JUNEAU, Alaska — A judge has all but ended tea party-backed Republican Joe Miller's hopes of getting legal relief in state court in his long-shot challenge of how the state counted write-in votes for incumbent Lisa Murkowski in their Senate race.
Miller has until Tuesday to appeal to the Alaska Supreme Court Friday's decision by Judge William Carey to throw out Miller's lawsuit. Carey cited past decisions by the high court in his ruling, which takes effect Tuesday.
"Nowhere does Miller provide facts showing a genuine issue of fraud or election official malfeasance," the judge wrote. "Instead, the majority of the problematic statements included in the affidavits are inadmissible hearsay, speculation and occasional complaints of sarcasm expressed by DOE (Division of Elections) workers."
Miller spokesman Randy DeSoto said Miller was mulling an appeal and there were still outstanding issues "in terms of wanting to get a true and accurate count, and we don't feel like we're there yet."
Murkowski called on Miller to concede.
"It's time to end this. It's time to say that the election is over," she told The Associated Press.
The ruling marks a victory for Murkowski, who sought to become the first U.S. Senate candidate since 1954 to win as a write-in. Senators are scheduled to be sworn in Jan. 5, and the legal dispute has thrown into doubt whether someone from this race will be included.
Murkowski's attorneys have argued that her seniority is at risk if she isn't sworn in then.
Miller's attorneys had asked Carey to strictly enforce a state law calling for write-in ballots to have the oval filled in, and either the candidate's last name or the name as it appears on the declaration of candidacy written in.
Miller argued the state shouldn't have used discretion in determining voter intent when tallying ballots for Murkowski. The state relied on case law in doing so and allowed for ballots with misspellings to be counted toward Murkowski's total.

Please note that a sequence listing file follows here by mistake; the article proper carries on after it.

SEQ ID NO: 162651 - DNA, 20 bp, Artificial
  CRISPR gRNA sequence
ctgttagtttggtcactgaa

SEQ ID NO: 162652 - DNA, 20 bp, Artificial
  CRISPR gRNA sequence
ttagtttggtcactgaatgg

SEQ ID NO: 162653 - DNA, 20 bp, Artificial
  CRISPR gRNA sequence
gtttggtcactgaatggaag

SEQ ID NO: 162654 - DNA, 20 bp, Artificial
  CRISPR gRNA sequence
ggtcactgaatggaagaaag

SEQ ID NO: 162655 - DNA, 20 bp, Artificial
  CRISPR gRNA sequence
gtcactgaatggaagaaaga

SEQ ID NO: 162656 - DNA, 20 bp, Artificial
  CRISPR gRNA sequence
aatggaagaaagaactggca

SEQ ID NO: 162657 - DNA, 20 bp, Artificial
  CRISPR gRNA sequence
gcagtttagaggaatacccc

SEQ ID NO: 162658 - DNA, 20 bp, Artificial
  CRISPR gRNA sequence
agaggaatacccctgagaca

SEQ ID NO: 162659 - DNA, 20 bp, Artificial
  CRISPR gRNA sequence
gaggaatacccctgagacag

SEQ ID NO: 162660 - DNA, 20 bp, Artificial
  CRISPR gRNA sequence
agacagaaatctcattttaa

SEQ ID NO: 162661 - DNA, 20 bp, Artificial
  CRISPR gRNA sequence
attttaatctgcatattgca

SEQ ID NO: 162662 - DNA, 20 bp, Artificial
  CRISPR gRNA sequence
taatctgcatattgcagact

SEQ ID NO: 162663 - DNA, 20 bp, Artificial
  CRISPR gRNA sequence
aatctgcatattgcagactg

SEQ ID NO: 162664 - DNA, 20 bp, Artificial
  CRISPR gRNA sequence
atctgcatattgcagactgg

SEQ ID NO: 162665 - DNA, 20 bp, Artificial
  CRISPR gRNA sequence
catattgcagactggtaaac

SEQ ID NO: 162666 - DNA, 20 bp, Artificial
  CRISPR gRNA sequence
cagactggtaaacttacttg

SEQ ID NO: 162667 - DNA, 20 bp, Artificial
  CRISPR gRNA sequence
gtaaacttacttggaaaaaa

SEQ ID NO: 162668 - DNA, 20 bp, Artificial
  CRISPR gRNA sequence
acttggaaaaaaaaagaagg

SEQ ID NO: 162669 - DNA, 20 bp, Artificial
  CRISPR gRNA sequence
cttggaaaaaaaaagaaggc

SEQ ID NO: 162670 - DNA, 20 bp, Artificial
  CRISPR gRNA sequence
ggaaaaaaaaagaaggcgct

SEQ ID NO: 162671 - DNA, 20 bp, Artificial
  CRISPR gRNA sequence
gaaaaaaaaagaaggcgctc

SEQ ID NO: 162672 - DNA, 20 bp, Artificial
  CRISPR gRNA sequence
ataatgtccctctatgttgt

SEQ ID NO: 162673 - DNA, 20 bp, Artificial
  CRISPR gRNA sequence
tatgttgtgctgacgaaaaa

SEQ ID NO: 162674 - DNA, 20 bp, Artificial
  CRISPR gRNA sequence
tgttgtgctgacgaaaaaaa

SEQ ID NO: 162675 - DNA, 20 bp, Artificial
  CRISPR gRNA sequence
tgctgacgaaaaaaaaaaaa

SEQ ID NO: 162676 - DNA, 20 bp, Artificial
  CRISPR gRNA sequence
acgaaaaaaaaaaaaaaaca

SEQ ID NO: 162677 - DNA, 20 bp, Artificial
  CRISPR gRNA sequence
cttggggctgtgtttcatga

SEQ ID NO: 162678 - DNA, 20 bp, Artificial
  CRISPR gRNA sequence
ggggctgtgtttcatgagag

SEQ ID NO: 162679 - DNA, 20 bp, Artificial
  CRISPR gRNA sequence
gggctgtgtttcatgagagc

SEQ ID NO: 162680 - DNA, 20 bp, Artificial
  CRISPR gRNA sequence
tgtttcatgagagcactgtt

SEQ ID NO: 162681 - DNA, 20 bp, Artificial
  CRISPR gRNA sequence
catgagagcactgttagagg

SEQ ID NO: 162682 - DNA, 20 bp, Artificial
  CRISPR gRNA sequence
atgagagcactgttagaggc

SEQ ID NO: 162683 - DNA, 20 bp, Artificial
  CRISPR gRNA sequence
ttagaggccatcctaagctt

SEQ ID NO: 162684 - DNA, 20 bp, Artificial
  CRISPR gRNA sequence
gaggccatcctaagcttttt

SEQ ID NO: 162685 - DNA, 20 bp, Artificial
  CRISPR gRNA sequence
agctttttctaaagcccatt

"If the legislature intended that the candidate's name be spelled perfectly in order to count," Carey wrote in his much anticipated ruling, "then the statute would have included such a restrictive requirement."
Unofficial results showed Murkowski ahead by 10,328 votes and still in the lead by 2,169 votes even when excluding votes challenged by Miller's campaign. Carey said whatever interpretation he made would not change the outcome of the race, that "Murkowski has won by over 2,000 unchallenged votes."
Murkowski ran an unprecedented write-in campaign after losing the GOP primary to Miller. She focused heavily on educating voters on how to cast a write-in ballot for her, and she emerged with a wide lead after a tedious, weeklong count of ballots that was overseen by observers for both Miller and Murkowski.
Miller last month said he'd stop fighting if the ballot math didn't work in his favor. But he has since insisted that his fight was a matter of principle to ensure the law is upheld and Alaskans got a fair election.
Murkowski's campaign accused Miller of seeking to disenfranchise thousands of Alaska voters, and Murkowski said Carey's ruling delivered a "stinging rebuke" to his claims.
"When a court finds no merit in any of the arguments he's presented, that's really quite stunning," she said.
State officials and Murkowski's campaign have sought a speedy resolution, saying Alaska would be deprived of representation if a winner isn't sworn in with the new Congress next month.
On Friday, state officials told a federal judge they would seek to have the stay he imposed on certification of the race lifted if Miller lost the state court case and did not file a speedy appeal to the Alaska Supreme Court.
U.S. District Judge Ralph Beistline last month kicked the case to state court and issued the stay to allow for the issues raised by Miller to be resolved.